For a film that wears much of its plot line on its sleeve, Run and Jump still manages to be surprising. While Vanetia is the overt focus of the piece, a lot of space is given to the men around her and exploring the concept of masculinity remains a constant undercurrent. Conor, once competent in his role as father and husband is now displaced through brain injury – unwilling to spend time in the house, he sits in the workshop, carving functionless wooden spheres. Conor’s father is the old-school patriarch, unable to understand Conor’s inability to ‘be the man of the house’ while struggling himself to function in a world with a rapidly changing value system. Conor’s son, Lenny (Brendan Morris), is coming of age in a space where his father is practically absent; and Ted is taking steps away from the steely defence of academia to a place where he is forced to be more emotionally vulnerable. It’s a credit to the film that so many interesting storylines are given the space to intertwine.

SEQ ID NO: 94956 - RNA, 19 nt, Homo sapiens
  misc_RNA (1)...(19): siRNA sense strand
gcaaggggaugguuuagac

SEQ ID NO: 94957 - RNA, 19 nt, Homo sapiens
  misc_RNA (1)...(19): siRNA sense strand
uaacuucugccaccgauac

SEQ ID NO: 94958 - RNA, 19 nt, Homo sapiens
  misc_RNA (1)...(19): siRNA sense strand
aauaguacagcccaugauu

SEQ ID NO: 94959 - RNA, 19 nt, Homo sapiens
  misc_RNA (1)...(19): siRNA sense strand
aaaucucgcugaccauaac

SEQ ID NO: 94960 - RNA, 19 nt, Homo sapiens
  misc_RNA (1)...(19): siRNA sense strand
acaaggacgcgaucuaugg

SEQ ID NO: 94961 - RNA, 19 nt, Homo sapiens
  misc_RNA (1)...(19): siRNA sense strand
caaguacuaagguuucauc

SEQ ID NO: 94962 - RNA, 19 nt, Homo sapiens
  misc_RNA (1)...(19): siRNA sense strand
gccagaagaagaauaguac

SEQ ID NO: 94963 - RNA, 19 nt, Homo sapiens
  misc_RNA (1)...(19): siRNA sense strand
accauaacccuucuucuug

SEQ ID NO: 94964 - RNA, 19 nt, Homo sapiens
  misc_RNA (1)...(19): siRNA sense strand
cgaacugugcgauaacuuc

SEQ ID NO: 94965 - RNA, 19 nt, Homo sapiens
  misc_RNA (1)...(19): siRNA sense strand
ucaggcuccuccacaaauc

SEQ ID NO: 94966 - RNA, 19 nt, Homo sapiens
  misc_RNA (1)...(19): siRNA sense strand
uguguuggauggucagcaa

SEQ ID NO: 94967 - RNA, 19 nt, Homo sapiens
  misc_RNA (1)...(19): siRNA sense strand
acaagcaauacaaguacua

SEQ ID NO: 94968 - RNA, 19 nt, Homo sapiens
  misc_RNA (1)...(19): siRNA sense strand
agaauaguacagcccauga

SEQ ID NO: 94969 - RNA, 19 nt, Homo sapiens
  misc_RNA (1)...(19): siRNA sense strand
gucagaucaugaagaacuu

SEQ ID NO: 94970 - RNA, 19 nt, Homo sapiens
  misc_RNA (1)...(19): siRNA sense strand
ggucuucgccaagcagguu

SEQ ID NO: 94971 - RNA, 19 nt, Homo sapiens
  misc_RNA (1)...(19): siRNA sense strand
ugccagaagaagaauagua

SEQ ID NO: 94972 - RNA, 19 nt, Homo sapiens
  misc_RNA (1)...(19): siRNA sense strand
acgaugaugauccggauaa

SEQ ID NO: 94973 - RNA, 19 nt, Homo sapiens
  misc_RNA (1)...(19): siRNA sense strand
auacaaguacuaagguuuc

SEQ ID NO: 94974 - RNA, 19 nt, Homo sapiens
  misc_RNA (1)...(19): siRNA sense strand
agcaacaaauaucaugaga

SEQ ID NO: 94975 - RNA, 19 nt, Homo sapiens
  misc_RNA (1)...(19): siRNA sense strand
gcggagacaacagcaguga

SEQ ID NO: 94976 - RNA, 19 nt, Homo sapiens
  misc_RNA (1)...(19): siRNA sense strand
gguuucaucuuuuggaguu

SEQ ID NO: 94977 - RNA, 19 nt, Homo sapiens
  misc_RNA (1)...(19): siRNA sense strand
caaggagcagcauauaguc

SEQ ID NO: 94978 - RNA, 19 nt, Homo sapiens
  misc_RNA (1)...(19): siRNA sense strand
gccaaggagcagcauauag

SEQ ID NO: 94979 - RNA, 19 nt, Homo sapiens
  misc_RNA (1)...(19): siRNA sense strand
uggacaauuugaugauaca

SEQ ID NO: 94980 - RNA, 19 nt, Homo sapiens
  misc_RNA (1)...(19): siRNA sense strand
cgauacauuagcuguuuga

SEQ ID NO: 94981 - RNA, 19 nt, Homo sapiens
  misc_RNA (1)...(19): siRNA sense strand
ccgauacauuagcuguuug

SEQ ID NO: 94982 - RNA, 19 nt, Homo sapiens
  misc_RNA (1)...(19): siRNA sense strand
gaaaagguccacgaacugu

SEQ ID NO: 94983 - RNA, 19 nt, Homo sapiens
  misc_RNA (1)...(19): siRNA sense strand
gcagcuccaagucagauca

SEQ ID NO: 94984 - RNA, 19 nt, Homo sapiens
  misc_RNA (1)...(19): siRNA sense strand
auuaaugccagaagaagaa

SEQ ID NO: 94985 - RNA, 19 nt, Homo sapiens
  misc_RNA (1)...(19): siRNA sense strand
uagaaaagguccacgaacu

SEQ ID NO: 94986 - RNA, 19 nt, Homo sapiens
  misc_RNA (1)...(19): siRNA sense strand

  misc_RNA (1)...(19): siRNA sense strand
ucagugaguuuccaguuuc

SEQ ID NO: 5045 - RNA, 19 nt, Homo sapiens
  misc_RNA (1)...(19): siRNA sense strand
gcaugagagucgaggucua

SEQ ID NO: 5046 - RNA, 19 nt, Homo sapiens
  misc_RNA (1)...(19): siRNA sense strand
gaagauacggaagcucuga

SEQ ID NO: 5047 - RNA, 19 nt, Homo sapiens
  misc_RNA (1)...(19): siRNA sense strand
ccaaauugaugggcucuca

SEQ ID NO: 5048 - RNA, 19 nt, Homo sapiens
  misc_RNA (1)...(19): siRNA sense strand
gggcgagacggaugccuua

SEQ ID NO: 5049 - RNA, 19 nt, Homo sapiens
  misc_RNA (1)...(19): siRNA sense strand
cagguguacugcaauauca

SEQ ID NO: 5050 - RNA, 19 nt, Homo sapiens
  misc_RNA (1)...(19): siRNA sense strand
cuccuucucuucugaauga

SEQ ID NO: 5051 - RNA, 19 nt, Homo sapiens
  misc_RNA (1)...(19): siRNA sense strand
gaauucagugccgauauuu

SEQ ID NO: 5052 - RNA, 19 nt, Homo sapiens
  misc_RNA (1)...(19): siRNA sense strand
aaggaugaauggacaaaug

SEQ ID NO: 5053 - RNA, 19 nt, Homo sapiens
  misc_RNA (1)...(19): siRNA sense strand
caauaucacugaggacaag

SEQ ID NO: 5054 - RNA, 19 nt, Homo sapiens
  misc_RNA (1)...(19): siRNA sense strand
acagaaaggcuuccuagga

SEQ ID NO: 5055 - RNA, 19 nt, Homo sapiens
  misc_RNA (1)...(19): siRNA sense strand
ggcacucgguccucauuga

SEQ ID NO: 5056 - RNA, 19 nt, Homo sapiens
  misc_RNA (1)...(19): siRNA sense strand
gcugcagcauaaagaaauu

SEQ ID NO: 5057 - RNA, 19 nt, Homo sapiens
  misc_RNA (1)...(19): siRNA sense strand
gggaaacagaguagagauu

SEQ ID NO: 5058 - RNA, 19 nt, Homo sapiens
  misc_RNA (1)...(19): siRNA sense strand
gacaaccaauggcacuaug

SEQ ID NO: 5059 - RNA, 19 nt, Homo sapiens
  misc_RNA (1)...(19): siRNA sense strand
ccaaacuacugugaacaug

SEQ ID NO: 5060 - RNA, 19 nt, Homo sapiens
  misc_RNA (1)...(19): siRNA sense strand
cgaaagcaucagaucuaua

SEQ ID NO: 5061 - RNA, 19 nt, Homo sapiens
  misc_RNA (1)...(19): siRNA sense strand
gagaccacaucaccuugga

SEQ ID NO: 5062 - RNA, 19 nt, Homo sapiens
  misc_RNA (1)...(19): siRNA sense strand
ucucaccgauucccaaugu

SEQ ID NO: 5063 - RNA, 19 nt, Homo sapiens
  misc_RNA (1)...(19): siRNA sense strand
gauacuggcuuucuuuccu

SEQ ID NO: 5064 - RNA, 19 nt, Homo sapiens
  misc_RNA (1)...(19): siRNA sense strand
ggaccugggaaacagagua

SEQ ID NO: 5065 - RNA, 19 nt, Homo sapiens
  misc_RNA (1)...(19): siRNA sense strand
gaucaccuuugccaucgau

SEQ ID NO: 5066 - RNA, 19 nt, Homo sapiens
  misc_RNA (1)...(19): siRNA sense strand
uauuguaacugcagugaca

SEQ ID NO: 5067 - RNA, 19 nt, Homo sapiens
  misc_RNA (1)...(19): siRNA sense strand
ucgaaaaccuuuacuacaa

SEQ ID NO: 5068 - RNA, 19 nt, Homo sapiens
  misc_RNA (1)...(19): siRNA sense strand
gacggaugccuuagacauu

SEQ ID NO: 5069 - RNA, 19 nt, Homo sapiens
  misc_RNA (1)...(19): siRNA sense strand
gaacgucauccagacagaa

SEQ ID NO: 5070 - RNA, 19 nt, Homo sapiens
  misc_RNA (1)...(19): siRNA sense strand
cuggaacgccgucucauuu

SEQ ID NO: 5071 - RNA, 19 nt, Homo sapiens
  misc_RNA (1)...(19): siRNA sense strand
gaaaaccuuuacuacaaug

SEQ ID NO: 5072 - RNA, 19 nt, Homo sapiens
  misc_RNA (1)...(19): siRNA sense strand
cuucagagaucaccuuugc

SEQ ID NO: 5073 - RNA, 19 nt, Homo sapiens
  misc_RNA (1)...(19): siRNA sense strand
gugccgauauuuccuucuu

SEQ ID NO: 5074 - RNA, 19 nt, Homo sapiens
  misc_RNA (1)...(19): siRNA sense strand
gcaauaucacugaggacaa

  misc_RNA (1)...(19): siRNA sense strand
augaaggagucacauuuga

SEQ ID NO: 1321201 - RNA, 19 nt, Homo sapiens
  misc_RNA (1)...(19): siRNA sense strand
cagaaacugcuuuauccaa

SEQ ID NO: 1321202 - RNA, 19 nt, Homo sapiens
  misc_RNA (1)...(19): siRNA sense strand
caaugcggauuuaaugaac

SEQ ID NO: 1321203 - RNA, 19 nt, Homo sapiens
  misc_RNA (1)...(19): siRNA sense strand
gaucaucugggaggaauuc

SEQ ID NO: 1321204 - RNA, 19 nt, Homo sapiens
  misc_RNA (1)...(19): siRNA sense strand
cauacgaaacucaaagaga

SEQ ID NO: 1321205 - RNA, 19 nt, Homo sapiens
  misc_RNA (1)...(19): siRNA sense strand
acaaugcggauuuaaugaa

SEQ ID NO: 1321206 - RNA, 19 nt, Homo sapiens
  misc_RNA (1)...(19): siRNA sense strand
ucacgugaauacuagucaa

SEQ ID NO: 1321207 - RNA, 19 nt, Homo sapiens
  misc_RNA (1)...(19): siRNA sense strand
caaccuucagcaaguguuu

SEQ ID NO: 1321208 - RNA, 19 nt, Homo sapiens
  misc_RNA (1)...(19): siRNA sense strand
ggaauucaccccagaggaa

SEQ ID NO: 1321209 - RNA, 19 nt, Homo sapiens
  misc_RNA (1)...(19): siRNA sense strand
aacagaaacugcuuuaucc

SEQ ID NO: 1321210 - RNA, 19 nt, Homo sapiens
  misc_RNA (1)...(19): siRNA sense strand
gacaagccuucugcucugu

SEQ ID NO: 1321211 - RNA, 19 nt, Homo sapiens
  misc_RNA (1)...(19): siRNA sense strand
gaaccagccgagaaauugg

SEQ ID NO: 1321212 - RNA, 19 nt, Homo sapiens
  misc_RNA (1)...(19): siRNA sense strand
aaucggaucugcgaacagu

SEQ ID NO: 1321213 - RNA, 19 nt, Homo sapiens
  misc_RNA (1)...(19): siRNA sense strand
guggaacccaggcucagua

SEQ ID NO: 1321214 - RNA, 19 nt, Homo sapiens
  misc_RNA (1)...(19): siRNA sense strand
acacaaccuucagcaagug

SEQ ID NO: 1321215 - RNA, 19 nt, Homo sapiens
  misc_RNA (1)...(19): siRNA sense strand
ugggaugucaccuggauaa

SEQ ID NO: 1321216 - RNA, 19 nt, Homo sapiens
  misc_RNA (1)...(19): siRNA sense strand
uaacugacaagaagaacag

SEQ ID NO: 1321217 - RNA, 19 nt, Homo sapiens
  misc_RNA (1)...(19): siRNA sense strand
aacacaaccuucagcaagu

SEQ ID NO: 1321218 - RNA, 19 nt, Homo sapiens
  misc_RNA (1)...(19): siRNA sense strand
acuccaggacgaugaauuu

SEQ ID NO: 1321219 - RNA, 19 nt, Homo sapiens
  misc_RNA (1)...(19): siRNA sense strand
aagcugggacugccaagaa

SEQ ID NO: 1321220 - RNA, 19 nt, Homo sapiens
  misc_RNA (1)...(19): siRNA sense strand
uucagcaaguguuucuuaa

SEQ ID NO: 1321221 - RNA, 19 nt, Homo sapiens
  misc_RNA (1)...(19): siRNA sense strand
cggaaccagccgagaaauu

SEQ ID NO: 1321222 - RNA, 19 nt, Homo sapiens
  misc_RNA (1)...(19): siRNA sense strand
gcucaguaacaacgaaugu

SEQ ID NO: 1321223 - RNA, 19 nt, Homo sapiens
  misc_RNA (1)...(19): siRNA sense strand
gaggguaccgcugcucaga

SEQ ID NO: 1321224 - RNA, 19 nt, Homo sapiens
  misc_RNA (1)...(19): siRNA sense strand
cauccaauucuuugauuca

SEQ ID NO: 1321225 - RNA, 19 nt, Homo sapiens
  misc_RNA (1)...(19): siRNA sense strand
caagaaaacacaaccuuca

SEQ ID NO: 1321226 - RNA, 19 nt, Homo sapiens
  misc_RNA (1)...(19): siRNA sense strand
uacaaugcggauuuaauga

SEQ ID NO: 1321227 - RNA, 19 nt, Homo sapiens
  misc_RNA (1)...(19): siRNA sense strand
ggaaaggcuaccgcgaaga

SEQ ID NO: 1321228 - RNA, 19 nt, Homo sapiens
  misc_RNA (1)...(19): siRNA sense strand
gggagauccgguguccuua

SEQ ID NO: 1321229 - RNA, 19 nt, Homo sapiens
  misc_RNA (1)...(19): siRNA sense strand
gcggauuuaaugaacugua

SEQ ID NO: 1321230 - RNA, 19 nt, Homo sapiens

Through clever and competent writing, Run and Jump is a film that crams a lot into its running time. And towards the end it does feel as if it has taken on board too much, as if there are too many ‘big issues’ and too little space to explore them. But thankfully this doesn’t mar the experience. The soft hills of Kerry provide fertile ground for exploring the natural ups and downs of life, and Run and Jump is a confident, competent, and exciting film that expertly captures them.

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Divergent Film Review